US Govt accuses binary options fraudster Lee Elbaz of willful blindness

Maria Nikolova

The government requests a willful blindness instruction, in light of the defendant’s assertions that despite being CEO of Yukom, she was unaware of the fraud taking place around her.

The trial of the former CEO of Israel-based Yukom Communications, Lee Elbaz, aka Lena Green, who is accused of binary options fraud in the United States, continues at the Maryland District Court.

The latest filings in this case, seen by FinanceFeeds, reveal Elbaz’s claims she had no knowledge of the scam going on around her.

On July 29, 2019, the United States Government submitted a trial brief requesting that the Court include a willful blindness instruction in its charge to the jury. The government says that a willful blindness instruction is appropriate in this case, in light of the defendant’s assertions that despite being CEO of Yukom, she was unaware of the fraud taking place around her.

The government notes that it is entitled to argue (and the jury may conclude) that if the defendant, as CEO, did not see what was going on around her, it is because she was deliberately and willfully blind to her surroundings. Put otherwise, it is appropriate to instruct the jury on willful blindness when the defendant claims lack of guilty knowledge in the face of evidence supporting an inference of deliberate ignorance.

The main argument advanced by the defense is that Elbaz was aware of some, but not all, the lies told by her employees and, therefore, was not aware of the fraud perpetrated by her employees. In opening, she conceded that she knew employees were lying about their names and their level of experience. However, Elbaz has claimed not to know that her employees were lying to clients about (1) their success as binary options traders; (2) historic and expected rates of return; (3) whether Yukom had any financial incentive to make clients money; and (4) whether and when clients could withdraw their money.

The government notes that it has introduced ample evidence at trial to establish that Elbaz actually knew her employees were lying to clients about these material facts and she trained many of them to lie to clients in precisely this manner. The government also argues that the defendant lied directly to clients about rates of return, her success and experience as a trader, and whether her interests were aligned with the client’s.

Moreover, the government says, there is substantial evidence in the record that the defendant was a vigilant manager who was frequently at the office – evidence shows she tracked her employees, regular monitored customer deposits and withdrawal attempts, and directly managed customer risk settings. In addition, Elbaz recorded employee calls with clients and later used them for training purposes. Yet, the defendant has suggested that she did not open training scripts containing misrepresentations or actually listen to the client/employee calls that she forwarded as exemplars for training purposes. This argument is precisely why a willful blindness instruction is appropriate in this case, the government says.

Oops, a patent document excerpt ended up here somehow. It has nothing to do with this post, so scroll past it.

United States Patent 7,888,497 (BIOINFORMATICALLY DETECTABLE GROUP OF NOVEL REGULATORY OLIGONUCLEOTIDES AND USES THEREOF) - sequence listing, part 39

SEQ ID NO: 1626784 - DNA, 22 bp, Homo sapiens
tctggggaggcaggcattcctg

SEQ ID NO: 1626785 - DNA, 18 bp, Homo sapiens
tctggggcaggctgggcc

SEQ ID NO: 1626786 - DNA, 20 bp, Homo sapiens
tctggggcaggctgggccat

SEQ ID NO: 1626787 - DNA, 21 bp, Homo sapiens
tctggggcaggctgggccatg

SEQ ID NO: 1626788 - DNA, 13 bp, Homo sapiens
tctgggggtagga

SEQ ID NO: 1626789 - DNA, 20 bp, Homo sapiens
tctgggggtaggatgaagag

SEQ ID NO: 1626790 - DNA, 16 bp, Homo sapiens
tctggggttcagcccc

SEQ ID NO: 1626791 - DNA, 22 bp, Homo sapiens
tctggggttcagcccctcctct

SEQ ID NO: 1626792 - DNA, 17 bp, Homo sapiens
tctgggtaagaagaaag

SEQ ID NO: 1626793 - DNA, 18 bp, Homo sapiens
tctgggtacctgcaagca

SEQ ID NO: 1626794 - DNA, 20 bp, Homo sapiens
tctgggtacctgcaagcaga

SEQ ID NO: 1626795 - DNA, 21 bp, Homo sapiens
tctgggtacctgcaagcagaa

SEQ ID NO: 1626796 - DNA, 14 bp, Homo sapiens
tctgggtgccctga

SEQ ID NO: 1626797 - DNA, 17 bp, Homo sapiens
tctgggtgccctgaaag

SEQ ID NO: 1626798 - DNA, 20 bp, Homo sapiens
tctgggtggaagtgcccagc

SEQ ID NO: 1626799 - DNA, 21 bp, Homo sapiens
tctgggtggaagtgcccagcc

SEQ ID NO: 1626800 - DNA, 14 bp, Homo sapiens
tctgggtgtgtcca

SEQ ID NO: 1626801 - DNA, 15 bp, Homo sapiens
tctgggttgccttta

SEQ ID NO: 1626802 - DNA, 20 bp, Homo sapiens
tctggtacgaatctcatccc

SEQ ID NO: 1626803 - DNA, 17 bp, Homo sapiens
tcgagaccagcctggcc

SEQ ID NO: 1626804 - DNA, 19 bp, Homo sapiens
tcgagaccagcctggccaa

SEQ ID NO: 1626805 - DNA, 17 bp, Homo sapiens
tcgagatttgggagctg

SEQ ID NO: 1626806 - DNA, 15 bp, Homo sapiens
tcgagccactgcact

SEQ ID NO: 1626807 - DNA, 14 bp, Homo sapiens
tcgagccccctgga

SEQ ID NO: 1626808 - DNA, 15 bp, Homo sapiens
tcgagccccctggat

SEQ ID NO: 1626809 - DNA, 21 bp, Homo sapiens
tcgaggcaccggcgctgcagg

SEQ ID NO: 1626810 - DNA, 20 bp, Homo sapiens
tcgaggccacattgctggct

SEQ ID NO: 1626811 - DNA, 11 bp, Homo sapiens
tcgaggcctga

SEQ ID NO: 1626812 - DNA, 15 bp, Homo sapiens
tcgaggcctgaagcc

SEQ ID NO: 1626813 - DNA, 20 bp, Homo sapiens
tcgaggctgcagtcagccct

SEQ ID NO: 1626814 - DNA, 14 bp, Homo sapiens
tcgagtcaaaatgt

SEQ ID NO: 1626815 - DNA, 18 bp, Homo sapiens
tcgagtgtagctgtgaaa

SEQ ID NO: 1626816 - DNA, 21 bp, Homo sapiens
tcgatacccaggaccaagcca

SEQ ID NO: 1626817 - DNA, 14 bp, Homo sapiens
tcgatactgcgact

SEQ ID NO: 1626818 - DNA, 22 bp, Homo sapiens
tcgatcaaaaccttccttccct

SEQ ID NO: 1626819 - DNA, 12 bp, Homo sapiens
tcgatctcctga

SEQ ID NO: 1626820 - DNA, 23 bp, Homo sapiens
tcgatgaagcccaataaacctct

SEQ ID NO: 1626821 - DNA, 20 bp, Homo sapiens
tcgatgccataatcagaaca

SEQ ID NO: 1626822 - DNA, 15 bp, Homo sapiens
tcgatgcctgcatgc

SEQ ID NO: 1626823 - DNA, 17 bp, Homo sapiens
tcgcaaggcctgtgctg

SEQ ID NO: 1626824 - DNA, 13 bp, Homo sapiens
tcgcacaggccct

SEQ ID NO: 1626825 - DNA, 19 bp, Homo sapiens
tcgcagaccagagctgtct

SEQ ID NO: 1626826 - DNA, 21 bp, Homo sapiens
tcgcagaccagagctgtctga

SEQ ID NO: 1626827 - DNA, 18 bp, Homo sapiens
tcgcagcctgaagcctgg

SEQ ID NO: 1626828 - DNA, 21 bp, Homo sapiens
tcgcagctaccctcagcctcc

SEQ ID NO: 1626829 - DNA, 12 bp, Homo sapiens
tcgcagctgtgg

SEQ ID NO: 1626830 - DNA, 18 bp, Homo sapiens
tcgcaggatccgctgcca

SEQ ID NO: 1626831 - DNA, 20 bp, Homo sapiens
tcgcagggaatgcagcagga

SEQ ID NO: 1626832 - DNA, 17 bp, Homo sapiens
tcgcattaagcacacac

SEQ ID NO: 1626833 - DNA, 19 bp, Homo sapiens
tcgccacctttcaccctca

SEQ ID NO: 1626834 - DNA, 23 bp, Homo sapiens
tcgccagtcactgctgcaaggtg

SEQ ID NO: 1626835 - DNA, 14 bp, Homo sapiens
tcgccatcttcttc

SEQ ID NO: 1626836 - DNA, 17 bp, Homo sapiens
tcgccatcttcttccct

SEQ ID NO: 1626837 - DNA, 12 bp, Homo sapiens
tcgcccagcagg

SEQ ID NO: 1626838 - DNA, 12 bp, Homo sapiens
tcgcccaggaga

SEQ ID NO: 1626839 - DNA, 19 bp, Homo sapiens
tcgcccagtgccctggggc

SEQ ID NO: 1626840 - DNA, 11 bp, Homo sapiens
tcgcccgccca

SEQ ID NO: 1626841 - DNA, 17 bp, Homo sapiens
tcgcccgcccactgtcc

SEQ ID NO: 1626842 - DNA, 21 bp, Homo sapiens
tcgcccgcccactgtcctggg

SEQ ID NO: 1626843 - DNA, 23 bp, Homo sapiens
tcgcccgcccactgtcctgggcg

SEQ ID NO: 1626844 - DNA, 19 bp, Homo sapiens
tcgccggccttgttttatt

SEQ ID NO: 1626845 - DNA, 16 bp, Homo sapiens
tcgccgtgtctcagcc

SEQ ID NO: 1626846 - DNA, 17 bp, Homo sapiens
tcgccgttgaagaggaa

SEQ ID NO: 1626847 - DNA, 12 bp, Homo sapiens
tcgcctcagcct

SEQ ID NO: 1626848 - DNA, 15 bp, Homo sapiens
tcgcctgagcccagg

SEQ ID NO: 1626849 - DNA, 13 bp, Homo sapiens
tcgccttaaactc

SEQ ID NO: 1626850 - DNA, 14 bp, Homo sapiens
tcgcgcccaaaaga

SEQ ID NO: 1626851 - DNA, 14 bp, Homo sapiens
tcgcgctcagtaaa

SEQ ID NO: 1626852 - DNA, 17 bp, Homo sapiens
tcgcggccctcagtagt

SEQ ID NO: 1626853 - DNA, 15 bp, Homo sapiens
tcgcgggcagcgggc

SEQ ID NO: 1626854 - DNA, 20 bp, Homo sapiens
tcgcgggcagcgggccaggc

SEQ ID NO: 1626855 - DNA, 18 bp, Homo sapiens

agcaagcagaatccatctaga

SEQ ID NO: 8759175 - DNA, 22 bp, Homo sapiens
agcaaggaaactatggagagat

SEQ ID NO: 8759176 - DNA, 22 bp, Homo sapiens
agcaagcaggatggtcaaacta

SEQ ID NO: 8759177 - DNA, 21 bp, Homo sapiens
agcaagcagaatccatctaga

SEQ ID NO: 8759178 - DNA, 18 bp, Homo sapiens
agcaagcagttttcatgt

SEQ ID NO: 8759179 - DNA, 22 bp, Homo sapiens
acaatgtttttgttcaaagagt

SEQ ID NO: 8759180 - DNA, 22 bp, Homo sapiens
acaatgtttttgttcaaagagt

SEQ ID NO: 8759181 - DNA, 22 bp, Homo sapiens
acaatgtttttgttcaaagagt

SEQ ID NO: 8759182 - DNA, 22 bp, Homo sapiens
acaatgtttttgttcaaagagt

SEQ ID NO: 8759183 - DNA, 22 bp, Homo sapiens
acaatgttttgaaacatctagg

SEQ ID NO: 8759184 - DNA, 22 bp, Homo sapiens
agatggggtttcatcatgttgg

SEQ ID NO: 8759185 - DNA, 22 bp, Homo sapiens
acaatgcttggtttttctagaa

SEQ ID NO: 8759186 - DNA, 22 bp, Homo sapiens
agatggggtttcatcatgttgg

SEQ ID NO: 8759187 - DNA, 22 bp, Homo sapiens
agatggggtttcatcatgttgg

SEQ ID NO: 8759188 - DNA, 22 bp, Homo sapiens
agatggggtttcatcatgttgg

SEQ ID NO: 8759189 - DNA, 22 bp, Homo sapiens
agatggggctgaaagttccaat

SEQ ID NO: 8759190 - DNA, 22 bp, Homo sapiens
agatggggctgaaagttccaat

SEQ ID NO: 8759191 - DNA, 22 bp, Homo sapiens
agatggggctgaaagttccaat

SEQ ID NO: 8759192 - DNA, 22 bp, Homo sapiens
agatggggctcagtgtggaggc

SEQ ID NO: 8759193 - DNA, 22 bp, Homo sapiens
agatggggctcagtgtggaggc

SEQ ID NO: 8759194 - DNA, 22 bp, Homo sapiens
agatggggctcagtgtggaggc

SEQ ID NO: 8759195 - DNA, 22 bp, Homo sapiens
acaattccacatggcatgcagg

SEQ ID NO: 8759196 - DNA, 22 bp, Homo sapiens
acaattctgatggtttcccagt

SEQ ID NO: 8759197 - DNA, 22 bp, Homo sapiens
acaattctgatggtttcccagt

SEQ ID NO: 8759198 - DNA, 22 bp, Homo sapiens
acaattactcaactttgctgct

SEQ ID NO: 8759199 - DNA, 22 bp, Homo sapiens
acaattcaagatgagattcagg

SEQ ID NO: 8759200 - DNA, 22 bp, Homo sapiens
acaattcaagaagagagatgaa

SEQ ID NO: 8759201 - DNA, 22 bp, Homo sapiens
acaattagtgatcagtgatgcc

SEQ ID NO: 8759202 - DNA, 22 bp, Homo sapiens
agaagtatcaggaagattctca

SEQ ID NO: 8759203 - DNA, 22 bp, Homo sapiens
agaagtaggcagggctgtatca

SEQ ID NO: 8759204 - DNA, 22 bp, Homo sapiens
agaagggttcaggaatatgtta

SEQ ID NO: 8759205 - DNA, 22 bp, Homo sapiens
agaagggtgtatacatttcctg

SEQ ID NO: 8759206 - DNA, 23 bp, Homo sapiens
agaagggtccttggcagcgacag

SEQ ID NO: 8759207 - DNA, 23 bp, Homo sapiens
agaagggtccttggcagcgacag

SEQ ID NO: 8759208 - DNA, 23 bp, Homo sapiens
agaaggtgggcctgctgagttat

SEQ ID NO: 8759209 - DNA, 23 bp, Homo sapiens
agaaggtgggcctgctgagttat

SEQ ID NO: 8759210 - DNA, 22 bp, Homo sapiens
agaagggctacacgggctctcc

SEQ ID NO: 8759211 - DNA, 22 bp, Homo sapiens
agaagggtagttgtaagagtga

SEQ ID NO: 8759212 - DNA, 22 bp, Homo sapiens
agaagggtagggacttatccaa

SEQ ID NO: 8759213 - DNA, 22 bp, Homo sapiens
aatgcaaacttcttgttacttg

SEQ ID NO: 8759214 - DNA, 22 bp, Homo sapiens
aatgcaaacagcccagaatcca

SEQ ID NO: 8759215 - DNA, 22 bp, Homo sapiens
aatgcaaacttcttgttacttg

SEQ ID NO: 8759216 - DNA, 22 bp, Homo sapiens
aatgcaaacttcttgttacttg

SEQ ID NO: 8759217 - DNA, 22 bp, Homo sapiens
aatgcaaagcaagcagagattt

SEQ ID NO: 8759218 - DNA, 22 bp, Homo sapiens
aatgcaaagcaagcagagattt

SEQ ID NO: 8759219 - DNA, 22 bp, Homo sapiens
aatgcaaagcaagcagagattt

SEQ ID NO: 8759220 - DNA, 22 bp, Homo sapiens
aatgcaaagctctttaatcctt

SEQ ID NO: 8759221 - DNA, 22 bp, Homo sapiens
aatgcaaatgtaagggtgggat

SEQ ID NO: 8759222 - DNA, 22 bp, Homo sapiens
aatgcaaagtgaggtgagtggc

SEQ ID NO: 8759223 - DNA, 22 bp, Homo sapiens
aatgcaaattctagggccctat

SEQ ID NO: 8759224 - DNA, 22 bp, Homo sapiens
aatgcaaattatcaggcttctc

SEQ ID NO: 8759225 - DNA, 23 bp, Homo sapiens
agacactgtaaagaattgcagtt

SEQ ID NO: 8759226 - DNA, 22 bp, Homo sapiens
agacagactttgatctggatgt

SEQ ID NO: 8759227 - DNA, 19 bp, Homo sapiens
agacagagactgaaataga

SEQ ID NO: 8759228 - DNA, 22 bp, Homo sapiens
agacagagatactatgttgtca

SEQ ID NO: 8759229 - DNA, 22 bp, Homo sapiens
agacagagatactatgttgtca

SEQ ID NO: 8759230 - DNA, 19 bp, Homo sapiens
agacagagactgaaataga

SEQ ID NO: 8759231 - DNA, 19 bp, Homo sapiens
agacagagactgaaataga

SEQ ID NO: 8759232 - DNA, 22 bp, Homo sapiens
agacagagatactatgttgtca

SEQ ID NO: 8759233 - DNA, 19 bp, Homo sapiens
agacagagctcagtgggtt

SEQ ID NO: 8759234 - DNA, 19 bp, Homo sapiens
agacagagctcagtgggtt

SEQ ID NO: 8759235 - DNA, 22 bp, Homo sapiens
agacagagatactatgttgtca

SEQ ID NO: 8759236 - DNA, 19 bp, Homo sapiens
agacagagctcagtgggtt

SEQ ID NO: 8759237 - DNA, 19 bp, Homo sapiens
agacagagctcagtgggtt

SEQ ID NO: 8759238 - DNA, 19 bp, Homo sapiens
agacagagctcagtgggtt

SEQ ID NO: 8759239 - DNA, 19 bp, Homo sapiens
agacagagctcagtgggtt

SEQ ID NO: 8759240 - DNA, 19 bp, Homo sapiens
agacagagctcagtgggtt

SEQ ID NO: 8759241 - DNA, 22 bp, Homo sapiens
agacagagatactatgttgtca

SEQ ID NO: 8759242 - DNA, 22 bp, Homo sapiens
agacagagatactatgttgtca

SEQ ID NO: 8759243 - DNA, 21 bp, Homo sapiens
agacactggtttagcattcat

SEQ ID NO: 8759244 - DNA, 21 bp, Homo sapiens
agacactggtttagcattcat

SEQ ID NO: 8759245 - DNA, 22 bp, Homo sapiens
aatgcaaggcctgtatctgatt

The Government alleges that, from in or around May 2014 through in or around June 2017, the defendant, Lee Elbaz, aka Lena Green, directed a scheme to defraud binary options investors by lying to investors and misleading them about the nature of binary options trading and the defendant’s business. Among other things, she lied to clients about the gains victims should expect to receive; historical rates of return binary options investors received; the alignment of financial interests between the defendant’s company and clients; the education, credentials, and experience of the defendant and her employees; and even their names and location.

Elbaz is alleged to have directed the scheme and exercised significant oversight of the scheme, both on a strategic and day-to-day level by hiring and training employees to tell the same lies to clients over and over, in order to induce clients to send money. The defendant also trained her employees to engage in fraudulent tactics to prevent clients from withdrawing funds from their accounts. Through this scheme, the defendant and her co-conspirators defrauded tens of thousands of victims worldwide, including thousands here in the United States, and caused tens of millions of dollars in victim losses.

Yukom’s operations were focused exclusively on “retention” work and operated primarily under two different client-facing brands: BigOption and BinaryBook. By late 2017 victim-clients had deposited approximately $185,000,000 into BinaryBook and BigOption accounts but had withdrawn less than $50,000,000, amounting to net deposits of just under $150,000,000. These BinaryBook and BigOption clients had less than $37 million remaining, meaning that the clients had already recognized losses of over $113,000,000.

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